Our role in the Ord River Irrigation Expansion Stage 2
We played an important role in the Ord River Irrigation Expansion Stage 2, now known as the Goomig Farmlands, in Western Australia’s Kimberley region. Starting in 2010, extensive soil, groundwater and surface water investigations were done to determine areas suitable to release for agricultural development. Our development role finished in 2013 and moved to a support role for the state government and the Kimberley Agricultural Investments (KAI) developers.
These investigations and subsequent assessment results guided management decisions underpinning the area's longer term commercial and environmental development for irrigated agriculture.
We supported further expansion of agriculture by also investigating other new areas in the East and West Kimberley regions.
What we did to assess suitability for irrigated agriculture
In 2010, we began water and soil risk assessments and modelling of more than 8000 hectares (ha) of the Ord River Irrigation Expansion Area, Stage 2.
The work, funded through the Western Australian Govenment's LandCorp organisation, was a response to the expansion project needing to comply with the Environmental Protection Authority and the Environment Protection and Biodiversity Conservation Act 1999.
We investigated soil and water resources necessary to identify areas suitable for irrigated agriculture and how these areas could be developed without adversely affecting soil, water and environmental resources.
What we found
Of the 8000ha, 7400ha were assessed as suitable for agricultural development. As a result of the work, environmental approvals were granted to develop the 7400ha Goomig Farmlands.
We recommended improved management systems to reduce potential land degradation risks, and more-efficient farmland designs. This work also resulted in about $30 million of savings in capital works and similar savings in long-term groundwater management and monitoring.
The assessment recommended removing 760ha of land at high risk of degradation from the total considered for release and recommended delaying the release of 400ha of land assessed to be at moderate risk.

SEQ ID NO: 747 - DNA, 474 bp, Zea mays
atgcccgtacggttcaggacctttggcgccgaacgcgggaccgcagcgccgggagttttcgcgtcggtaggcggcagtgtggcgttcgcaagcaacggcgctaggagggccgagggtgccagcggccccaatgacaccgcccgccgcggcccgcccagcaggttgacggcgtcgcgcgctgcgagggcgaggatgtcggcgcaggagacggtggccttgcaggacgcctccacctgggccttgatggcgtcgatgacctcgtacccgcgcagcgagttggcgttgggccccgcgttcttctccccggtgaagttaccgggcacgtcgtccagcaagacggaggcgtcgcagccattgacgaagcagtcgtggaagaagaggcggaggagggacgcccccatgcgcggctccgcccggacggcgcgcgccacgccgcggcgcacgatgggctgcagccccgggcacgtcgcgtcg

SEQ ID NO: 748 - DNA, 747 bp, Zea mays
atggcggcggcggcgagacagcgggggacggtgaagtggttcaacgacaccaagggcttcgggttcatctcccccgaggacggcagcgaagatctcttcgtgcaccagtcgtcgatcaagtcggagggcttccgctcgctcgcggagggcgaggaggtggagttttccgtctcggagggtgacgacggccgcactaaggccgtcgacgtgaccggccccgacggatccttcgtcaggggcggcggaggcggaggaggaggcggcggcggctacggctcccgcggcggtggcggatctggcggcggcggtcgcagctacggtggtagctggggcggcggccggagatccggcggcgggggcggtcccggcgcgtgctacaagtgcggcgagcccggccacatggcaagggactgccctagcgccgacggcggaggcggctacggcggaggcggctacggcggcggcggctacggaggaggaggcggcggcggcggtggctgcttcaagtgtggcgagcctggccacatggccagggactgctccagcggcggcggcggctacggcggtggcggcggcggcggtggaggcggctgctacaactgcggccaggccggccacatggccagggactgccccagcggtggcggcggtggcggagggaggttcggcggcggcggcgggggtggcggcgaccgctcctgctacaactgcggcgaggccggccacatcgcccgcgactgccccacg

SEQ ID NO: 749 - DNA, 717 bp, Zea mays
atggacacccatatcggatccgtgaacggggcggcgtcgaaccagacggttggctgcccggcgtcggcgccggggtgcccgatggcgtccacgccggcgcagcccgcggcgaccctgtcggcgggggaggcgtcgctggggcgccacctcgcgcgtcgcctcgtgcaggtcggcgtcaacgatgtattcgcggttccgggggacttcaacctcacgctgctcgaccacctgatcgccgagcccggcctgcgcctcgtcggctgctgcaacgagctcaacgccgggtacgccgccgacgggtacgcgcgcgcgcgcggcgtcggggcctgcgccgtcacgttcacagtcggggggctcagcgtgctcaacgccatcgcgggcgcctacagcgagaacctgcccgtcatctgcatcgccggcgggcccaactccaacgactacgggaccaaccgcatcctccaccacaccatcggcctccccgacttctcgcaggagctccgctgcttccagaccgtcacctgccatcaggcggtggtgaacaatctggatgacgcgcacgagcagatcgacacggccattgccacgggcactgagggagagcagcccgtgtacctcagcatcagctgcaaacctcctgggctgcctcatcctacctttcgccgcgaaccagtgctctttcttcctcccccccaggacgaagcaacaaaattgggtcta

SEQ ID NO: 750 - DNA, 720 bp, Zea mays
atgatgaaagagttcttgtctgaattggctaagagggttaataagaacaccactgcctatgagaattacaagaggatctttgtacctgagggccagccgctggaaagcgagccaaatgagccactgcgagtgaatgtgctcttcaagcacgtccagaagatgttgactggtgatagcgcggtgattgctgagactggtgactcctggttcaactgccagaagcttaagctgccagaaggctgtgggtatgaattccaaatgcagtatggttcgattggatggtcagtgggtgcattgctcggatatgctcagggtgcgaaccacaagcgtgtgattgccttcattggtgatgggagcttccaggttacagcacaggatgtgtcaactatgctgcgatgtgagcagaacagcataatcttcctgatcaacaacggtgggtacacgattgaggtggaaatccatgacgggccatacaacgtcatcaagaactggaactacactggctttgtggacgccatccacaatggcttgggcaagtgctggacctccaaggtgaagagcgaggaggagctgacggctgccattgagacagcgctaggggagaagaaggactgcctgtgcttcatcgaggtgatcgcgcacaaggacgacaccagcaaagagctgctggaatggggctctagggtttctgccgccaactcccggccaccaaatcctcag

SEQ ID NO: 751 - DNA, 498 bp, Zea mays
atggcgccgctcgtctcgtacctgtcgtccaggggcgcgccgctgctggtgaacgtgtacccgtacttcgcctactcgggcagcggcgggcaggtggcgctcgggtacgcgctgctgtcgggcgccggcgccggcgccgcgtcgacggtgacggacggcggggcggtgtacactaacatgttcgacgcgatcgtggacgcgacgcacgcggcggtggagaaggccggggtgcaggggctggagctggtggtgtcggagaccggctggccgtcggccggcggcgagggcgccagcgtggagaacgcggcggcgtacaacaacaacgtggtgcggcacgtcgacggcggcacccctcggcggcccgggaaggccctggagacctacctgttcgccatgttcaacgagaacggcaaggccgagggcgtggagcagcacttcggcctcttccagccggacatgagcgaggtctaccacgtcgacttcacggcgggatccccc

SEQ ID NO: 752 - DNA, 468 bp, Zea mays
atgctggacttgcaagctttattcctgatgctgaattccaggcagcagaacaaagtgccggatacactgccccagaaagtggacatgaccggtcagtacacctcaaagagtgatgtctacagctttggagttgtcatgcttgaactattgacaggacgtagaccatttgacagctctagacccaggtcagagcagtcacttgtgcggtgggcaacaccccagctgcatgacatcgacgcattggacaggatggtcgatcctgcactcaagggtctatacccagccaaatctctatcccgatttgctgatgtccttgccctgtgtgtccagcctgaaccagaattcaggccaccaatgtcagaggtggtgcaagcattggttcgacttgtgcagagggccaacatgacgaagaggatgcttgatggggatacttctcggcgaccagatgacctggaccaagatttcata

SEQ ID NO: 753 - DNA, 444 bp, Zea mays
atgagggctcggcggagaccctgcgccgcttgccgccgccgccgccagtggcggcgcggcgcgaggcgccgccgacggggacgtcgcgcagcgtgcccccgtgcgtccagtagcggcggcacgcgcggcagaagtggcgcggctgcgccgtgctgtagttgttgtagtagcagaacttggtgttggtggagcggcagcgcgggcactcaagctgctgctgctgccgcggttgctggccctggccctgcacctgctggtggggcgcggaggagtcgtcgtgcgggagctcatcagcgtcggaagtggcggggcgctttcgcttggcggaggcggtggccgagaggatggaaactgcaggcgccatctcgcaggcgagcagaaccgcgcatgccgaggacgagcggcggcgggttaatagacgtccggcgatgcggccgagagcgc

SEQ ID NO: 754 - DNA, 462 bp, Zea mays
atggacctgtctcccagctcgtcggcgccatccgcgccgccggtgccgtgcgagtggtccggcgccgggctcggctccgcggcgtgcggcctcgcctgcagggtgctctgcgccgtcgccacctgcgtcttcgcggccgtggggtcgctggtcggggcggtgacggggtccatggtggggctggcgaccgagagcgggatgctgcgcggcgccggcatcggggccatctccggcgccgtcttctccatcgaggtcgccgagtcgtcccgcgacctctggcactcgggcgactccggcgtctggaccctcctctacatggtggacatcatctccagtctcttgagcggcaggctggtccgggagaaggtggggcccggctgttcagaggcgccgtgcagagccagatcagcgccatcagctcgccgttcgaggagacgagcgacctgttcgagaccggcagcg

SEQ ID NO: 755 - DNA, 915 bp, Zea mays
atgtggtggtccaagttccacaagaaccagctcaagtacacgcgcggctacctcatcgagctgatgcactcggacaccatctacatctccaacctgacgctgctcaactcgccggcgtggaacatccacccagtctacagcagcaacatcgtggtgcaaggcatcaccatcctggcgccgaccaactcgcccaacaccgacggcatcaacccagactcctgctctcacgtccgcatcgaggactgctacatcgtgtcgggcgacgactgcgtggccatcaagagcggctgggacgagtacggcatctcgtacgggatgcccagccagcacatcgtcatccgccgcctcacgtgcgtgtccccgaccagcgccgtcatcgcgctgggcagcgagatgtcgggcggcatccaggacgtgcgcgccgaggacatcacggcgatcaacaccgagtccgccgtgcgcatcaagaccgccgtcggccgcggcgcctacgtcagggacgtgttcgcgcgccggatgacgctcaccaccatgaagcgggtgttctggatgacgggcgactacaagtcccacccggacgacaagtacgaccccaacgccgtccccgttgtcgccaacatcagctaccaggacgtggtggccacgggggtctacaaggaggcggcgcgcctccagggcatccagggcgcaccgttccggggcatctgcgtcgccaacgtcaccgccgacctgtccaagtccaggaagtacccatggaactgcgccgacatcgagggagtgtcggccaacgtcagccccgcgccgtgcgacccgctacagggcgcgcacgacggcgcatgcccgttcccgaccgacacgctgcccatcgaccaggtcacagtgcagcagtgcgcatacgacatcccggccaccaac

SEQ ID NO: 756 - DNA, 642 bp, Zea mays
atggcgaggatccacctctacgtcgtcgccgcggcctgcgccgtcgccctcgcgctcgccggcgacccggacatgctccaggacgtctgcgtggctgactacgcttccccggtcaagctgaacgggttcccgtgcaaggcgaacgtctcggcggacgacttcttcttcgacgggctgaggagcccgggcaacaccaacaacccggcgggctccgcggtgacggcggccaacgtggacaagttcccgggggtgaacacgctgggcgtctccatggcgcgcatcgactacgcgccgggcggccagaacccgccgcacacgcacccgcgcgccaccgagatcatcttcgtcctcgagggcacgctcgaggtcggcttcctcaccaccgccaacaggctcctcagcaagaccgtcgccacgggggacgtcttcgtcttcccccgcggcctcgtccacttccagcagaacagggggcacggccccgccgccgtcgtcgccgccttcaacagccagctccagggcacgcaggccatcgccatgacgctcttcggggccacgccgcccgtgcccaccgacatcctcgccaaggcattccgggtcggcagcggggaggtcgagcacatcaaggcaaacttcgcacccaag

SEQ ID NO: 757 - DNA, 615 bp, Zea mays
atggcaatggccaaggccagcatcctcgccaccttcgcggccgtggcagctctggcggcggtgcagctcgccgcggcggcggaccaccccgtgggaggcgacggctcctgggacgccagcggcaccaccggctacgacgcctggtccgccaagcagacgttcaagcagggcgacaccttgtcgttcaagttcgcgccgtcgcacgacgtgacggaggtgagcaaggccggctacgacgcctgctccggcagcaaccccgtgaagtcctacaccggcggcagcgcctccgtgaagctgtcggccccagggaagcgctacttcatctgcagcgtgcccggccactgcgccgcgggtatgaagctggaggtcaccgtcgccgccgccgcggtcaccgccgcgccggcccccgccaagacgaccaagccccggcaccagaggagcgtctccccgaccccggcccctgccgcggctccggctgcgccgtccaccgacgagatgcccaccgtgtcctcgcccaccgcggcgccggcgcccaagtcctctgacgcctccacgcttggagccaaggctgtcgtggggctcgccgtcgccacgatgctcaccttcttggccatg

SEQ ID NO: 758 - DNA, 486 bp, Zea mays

A further 1600ha, which was defined at some risk in the long term, was recommended for lease only because of potential land degradation impacts and possible costs incurred in the future.
Results from this work
The results of theassessments underpinned an announcement by the Western Australian Government in 2012 to release 13 400ha for irrigated farmland, under the Ord−East Kimberley Expansion Project. The government also announced the preferred proponent (KAI) to lease the Goomig Farmlands and Knox Plain. Approval for the release of agricultural land on the Knox PLain was granted to KAI after environmental assessment in 2015.
By the end of the 2013 investigation phase, our staff completed 500 days of field work and 1000 days of analysis, which are detailed in technical reports and management plans:
- Weaber Plain hydrogeology: preliminary results
- Weaber Plain aquifer test results
- Groundwater chemistry of the Weaber Plain: baseline results
- Soil assessment of the Weaber Plain (Goomig) farmlands
- Surface water characteristics of the Weaber Plain and lower Keep River.
These technical reports were used to underpin management plans prepared by KAI and other agricultural and aquacultural developers for the Keep River and Knox Plains areas.
New development to expand irrigated agriculture
We supported development of the region’s agricultural industries through research and crop trials, including identifying rice varieties most suited to WA conditions, and trialling quinoa, sugar, cotton and other grain crops.
The value of the Ord Stage 2 work led to Royalties for Regions funding for similar planning to support assessment of 8000ha of nearby Cockatoo Sands (Ord River Irrigation Expansion Stage 3) at two locations near Kununurra as part of a broader project on sand-based agriculture in the La Grange area, West Kimberley.
Other projects near Kununurra, such as part 3 of the Cockatoo Sands project — Bonaparte Plains, Keep River, Mantinea Flat and Carlton Plains — are underway or proposed to expand the area of irrigated agriculture beyond 50 000ha.
Work to expand the Carnarvon horticultural area by 400ha started as part of the Gascoyne Foodbowl Project.